Have you noticed that I haven’t mentioned expat men marrying Korean women? Well, if you read the papers alone, you might be surprised to hear that such couples exist despite the obvious numbers of such couples holding hands on the street. There simply can’t be poster FM-KW couples unless you count the men who have been here for 30 years who have established enough careers that their service to Korea and language skills are positioned far before their personal details (with a Korean wife usually a footnote in a newspaper piece). No, we don’t want more Korean women to get the idea through the media that it’s okay to marry a foreign man…because then we’ll have to import even more brides!

So no, I don’t want to be a poster couple. I don’t want to speak for the vast amount of different lifestyles and situations we ‘international couples’ live in. I don’t want to compare the discrimination I feel I have faced with the prejudice for men and women with darker skin, or perceived less fortunate educational or economic backgrounds (even though that is not always the case). I don’t want to speak for what it is like to be a Korean woman married to a ‘foreign’ man. I get applause for marrying a Korean man while many Korean women face patriarchal hang-ups about ‘other men’ taking ‘our women.’

And I CERTAINLY do not want the scrutiny of the media and the lack of anonymity that fame, even local tv fame brings. Marriages aren’t perfect: people aren’t perfect. People and especially relationships need space to be bad, be forgiven, work toward change, and negotiate issues. If we get divorced, I want it to be because we had a problem, couldn’t work it out, and ultimately ended the marriage, not we had a problem, the media suggested that we would divorce, and then the scrutiny forced that reality upon us. I like the anonymity that my moniker (Msleetobe) brings me, and it’s not like anyone reads this blog anyway! So I have fear of ever being famous.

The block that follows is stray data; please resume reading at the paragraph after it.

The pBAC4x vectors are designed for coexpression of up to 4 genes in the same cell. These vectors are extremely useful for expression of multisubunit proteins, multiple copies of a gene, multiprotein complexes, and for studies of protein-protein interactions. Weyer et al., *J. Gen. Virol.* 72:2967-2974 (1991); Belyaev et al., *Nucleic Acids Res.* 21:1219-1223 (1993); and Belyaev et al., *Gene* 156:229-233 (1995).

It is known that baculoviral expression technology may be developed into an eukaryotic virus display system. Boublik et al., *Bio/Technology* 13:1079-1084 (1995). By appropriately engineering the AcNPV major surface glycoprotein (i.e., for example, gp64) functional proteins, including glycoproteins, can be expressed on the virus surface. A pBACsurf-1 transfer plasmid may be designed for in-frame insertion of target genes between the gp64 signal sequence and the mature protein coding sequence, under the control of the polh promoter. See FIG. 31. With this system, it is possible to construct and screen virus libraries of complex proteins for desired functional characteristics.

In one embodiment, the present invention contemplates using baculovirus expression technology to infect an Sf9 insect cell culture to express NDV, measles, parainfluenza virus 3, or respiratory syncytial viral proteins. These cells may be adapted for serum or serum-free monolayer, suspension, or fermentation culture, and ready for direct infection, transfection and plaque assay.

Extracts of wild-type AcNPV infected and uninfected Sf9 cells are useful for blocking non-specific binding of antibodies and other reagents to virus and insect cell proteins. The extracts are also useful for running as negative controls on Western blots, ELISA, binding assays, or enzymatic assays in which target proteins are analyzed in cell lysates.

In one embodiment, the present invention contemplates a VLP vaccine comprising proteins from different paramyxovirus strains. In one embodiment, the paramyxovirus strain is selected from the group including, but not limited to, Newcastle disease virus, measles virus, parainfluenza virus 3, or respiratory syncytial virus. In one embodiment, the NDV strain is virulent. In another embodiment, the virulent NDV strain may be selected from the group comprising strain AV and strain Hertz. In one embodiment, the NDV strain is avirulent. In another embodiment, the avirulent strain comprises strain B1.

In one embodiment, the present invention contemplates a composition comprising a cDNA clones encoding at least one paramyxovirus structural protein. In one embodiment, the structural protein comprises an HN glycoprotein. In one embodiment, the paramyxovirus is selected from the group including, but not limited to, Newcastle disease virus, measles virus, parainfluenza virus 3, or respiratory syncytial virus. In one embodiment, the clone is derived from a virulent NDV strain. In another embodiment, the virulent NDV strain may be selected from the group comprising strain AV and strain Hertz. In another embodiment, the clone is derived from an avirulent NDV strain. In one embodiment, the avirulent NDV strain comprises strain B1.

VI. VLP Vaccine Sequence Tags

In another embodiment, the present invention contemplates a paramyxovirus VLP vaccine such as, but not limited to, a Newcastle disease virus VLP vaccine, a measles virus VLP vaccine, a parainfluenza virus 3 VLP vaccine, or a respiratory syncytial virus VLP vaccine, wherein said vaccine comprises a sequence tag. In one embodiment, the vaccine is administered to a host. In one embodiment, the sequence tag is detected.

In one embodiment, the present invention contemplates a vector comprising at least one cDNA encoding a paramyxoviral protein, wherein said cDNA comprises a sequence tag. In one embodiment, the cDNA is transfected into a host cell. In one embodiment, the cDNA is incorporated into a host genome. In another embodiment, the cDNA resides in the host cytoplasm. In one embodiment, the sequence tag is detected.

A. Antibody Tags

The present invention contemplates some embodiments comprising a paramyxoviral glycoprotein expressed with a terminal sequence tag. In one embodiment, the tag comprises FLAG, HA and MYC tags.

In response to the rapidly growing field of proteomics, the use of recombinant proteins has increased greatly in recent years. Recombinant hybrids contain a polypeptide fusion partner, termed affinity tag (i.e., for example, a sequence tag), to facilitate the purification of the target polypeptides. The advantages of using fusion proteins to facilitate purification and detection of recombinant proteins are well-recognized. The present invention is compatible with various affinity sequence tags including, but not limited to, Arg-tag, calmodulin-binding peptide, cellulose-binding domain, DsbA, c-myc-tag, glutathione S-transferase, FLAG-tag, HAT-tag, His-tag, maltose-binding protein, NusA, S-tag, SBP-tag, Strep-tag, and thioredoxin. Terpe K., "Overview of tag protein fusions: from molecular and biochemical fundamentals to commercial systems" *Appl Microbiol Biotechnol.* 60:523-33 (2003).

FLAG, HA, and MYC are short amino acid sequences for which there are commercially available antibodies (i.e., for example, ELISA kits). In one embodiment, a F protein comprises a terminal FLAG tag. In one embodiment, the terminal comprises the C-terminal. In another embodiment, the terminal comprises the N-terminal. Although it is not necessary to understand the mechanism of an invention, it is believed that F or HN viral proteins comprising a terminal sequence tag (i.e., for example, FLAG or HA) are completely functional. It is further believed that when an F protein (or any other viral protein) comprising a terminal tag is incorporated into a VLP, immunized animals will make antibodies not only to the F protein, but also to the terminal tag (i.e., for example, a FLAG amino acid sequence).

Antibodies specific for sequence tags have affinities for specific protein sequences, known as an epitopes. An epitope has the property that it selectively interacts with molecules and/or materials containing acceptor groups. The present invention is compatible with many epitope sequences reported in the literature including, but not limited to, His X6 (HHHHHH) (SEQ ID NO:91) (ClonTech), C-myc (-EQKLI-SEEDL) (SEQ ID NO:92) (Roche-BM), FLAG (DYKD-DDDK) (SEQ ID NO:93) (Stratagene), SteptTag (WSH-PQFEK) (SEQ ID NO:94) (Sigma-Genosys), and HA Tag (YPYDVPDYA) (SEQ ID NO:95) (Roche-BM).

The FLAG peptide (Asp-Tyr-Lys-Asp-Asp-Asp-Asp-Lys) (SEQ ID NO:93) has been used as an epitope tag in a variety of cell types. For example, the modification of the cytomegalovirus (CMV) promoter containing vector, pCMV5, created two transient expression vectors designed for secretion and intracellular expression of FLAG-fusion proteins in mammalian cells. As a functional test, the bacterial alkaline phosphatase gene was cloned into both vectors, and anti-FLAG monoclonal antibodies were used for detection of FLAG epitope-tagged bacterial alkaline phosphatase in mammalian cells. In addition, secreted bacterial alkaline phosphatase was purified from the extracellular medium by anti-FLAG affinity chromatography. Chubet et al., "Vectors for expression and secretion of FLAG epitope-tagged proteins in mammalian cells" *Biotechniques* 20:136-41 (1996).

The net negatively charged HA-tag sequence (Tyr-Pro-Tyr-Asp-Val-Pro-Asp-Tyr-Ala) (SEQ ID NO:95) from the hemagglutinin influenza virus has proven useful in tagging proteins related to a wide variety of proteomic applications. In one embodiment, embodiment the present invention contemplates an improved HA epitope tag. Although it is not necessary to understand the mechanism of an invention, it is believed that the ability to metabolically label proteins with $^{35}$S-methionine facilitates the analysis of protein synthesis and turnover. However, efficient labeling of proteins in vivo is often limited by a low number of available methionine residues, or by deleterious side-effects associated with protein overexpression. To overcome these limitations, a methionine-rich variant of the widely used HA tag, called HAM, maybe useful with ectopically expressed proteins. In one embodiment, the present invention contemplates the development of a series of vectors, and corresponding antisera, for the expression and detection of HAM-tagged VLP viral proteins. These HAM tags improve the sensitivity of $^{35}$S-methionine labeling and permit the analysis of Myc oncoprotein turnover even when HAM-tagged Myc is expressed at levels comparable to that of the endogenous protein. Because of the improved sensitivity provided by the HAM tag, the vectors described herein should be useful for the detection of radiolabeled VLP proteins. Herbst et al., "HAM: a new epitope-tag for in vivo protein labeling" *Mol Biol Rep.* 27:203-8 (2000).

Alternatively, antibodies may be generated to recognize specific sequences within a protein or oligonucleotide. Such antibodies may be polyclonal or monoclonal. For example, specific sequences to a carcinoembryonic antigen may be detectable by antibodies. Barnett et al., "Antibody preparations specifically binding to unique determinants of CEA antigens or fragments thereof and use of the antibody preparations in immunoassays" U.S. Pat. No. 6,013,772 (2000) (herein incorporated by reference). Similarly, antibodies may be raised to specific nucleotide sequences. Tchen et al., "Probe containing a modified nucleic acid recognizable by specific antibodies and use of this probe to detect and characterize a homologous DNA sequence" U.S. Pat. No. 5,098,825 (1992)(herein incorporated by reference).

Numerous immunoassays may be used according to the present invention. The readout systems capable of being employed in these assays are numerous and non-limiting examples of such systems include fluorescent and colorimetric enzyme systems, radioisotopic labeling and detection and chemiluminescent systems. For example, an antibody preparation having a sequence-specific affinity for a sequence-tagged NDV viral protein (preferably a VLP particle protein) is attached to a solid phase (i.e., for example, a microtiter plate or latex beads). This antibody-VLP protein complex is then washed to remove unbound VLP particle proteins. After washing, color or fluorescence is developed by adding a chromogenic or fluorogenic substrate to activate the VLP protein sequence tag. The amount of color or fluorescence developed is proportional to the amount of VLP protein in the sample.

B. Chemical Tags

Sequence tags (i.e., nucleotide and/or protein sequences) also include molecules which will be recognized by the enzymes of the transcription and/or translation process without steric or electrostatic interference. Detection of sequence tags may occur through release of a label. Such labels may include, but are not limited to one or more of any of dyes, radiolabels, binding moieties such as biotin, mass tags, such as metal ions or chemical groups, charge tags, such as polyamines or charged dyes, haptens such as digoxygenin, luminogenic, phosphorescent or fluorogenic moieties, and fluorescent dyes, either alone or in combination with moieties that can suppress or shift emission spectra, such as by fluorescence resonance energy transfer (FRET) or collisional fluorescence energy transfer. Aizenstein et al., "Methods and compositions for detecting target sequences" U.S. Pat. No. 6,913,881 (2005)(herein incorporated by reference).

A friend of mine has this great expression: ‘couple crush.’ It refers to when you see a couple who is adorable together and has the appearance of being in the ideal relationship that you have always wanted to be in. In the past she has used it to refer to 2 couples I know but am not close with who seem to have achieved an incredibly well balanced, egalitarian, and mutually supportive relationship. Upon hearing this term and the couples who were being ‘crushed on,’ my roommate, who was having some problems with her now husband said, ‘what about us? Don’t you have a couple crush on us???!’

The truth is, couple crushes can only be had when you know the couple ‘just enough.’ If you know their problems, their habitual fights, and their oddities too well, it’s impossible to crush on them.

That’s why couples like Susan Sarandon and Tim Robbins are such great examples of what it means to be a poster couple. You see them dressed up on the red carpet together in their very best, you see their work together on Dead Man Walking, and you hear their names together for two decades as one of those rare Hollywood couples that stay together. And then they break up…and Sarandon starts dating a man half her age, and you realize you only admired them because you didn’t really know them at all.

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If I were in Canada, I think I might be conscious of being in a biracial relationship. Let me explain this by going back a week…

Last weekend Mr. Lee and I went out for dinner and drinks with Mr. Lee’s younger friend and her British husband. The British husband was commenting that he hates it when Canadians say they are ‘Scottish’ or ‘British’ because their distant ancestors hailed from somewhere in the UK.

I think this is a specifically Canadian issue. When there it is the absence of a race or ethnic background or religion or region of origin or language or even history that unites you and gives you identity, you just assume that a person who is in Canada is Canadian.